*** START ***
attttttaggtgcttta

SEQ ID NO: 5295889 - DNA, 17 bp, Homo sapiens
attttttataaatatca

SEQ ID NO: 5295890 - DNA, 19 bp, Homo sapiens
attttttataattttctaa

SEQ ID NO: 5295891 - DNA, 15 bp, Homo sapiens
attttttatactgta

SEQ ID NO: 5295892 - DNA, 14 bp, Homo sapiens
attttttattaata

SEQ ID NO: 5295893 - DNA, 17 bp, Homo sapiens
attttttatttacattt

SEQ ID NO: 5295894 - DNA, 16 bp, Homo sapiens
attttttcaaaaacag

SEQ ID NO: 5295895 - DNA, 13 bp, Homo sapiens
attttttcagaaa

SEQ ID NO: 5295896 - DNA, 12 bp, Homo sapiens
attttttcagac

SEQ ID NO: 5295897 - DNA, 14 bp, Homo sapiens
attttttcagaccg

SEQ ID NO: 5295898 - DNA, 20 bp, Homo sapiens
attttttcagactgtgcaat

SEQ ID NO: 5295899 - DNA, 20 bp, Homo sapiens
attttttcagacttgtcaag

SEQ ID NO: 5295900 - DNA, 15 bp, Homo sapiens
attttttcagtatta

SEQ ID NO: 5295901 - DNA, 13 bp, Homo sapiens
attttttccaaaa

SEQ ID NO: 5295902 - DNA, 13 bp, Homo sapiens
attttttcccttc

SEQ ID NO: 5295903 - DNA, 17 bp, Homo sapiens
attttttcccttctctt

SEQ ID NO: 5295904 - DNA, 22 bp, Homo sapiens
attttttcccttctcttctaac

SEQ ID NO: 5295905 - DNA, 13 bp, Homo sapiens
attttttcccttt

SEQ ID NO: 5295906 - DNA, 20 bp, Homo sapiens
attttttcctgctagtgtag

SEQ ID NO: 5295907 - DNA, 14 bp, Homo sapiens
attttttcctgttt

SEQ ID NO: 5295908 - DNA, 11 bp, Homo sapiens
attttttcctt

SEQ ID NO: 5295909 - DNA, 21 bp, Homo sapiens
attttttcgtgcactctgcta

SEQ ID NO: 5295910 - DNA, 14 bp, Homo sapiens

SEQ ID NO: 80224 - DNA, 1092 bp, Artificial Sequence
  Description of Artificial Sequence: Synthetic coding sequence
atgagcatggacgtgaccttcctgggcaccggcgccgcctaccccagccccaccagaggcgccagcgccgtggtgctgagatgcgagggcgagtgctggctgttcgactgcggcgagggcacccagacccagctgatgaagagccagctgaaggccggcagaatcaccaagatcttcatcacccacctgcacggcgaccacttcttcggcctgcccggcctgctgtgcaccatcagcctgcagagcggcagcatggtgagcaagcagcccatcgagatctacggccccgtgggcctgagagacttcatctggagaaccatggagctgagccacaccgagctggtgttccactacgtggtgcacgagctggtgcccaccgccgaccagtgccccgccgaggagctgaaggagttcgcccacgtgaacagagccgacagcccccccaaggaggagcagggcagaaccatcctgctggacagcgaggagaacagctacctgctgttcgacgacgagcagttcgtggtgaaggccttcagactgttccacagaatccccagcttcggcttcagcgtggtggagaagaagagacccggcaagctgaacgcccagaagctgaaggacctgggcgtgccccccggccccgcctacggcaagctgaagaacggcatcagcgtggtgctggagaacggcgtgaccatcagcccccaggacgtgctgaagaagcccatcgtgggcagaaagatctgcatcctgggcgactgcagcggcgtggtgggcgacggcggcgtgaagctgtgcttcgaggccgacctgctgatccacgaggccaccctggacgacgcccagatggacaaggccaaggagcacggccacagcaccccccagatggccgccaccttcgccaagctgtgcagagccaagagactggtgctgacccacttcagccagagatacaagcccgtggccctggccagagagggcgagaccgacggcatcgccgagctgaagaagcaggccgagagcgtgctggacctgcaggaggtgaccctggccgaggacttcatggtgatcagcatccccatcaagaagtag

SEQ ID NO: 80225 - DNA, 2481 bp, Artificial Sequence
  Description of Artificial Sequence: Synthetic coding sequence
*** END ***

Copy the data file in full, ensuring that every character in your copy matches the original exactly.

attttttaggtgcttta

SEQ ID NO: 5295889 - DNA, 17 bp, Homo sapiens
attttttataaatatca

SEQ ID NO: 5295890 - DNA, 19 bp, Homo sapiens
attttttataattttctaa

SEQ ID NO: 5295891 - DNA, 15 bp, Homo sapiens
attttttatactgta

SEQ ID NO: 5295892 - DNA, 14 bp, Homo sapiens
attttttattaata

SEQ ID NO: 5295893 - DNA, 17 bp, Homo sapiens
attttttatttacattt

SEQ ID NO: 5295894 - DNA, 16 bp, Homo sapiens
attttttcaaaaacag

SEQ ID NO: 5295895 - DNA, 13 bp, Homo sapiens
attttttcagaaa

SEQ ID NO: 5295896 - DNA, 12 bp, Homo sapiens
attttttcagac

SEQ ID NO: 5295897 - DNA, 14 bp, Homo sapiens
attttttcagaccg

SEQ ID NO: 5295898 - DNA, 20 bp, Homo sapiens
attttttcagactgtgcaat

SEQ ID NO: 5295899 - DNA, 20 bp, Homo sapiens
attttttcagacttgtcaag

SEQ ID NO: 5295900 - DNA, 15 bp, Homo sapiens
attttttcagtatta

SEQ ID NO: 5295901 - DNA, 13 bp, Homo sapiens
attttttccaaaa

SEQ ID NO: 5295902 - DNA, 13 bp, Homo sapiens
attttttcccttc

SEQ ID NO: 5295903 - DNA, 17 bp, Homo sapiens
attttttcccttctctt

SEQ ID NO: 5295904 - DNA, 22 bp, Homo sapiens
attttttcccttctcttctaac

SEQ ID NO: 5295905 - DNA, 13 bp, Homo sapiens
attttttcccttt

SEQ ID NO: 5295906 - DNA, 20 bp, Homo sapiens
attttttcctgctagtgtag

SEQ ID NO: 5295907 - DNA, 14 bp, Homo sapiens
attttttcctgttt

SEQ ID NO: 5295908 - DNA, 11 bp, Homo sapiens
attttttcctt

SEQ ID NO: 5295909 - DNA, 21 bp, Homo sapiens
attttttcgtgcactctgcta

SEQ ID NO: 5295910 - DNA, 14 bp, Homo sapiens

SEQ ID NO: 80224 - DNA, 1092 bp, Artificial Sequence
  Description of Artificial Sequence: Synthetic coding sequence
atgagcatggacgtgaccttcctgggcaccggcgccgcctaccccagccccaccagaggcgccagcgccgtggtgctgagatgcgagggcgagtgctggctgttcgactgcggcgagggcacccagacccagctgatgaagagccagctgaaggccggcagaatcaccaagatcttcatcacccacctgcacggcgaccacttcttcggcctgcccggcctgctgtgcaccatcagcctgcagagcggcagcatggtgagcaagcagcccatcgagatctacggccccgtgggcctgagagacttcatctggagaaccatggagctgagccacaccgagctggtgttccactacgtggtgcacgagctggtgcccaccgccgaccagtgccccgccgaggagctgaaggagttcgcccacgtgaacagagccgacagcccccccaaggaggagcagggcagaaccatcctgctggacagcgaggagaacagctacctgctgttcgacgacgagcagttcgtggtgaaggccttcagactgttccacagaatccccagcttcggcttcagcgtggtggagaagaagagacccggcaagctgaacgcccagaagctgaaggacctgggcgtgccccccggccccgcctacggcaagctgaagaacggcatcagcgtggtgctggagaacggcgtgaccatcagcccccaggacgtgctgaagaagcccatcgtgggcagaaagatctgcatcctgggcgactgcagcggcgtggtgggcgacggcggcgtgaagctgtgcttcgaggccgacctgctgatccacgaggccaccctggacgacgcccagatggacaaggccaaggagcacggccacagcaccccccagatggccgccaccttcgccaagctgtgcagagccaagagactggtgctgacccacttcagccagagatacaagcccgtggccctggccagagagggcgagaccgacggcatcgccgagctgaagaagcaggccgagagcgtgctggacctgcaggaggtgaccctggccgaggacttcatggtgatcagcatccccatcaagaagtag

SEQ ID NO: 80225 - DNA, 2481 bp, Artificial Sequence
  Description of Artificial Sequence: Synthetic coding sequence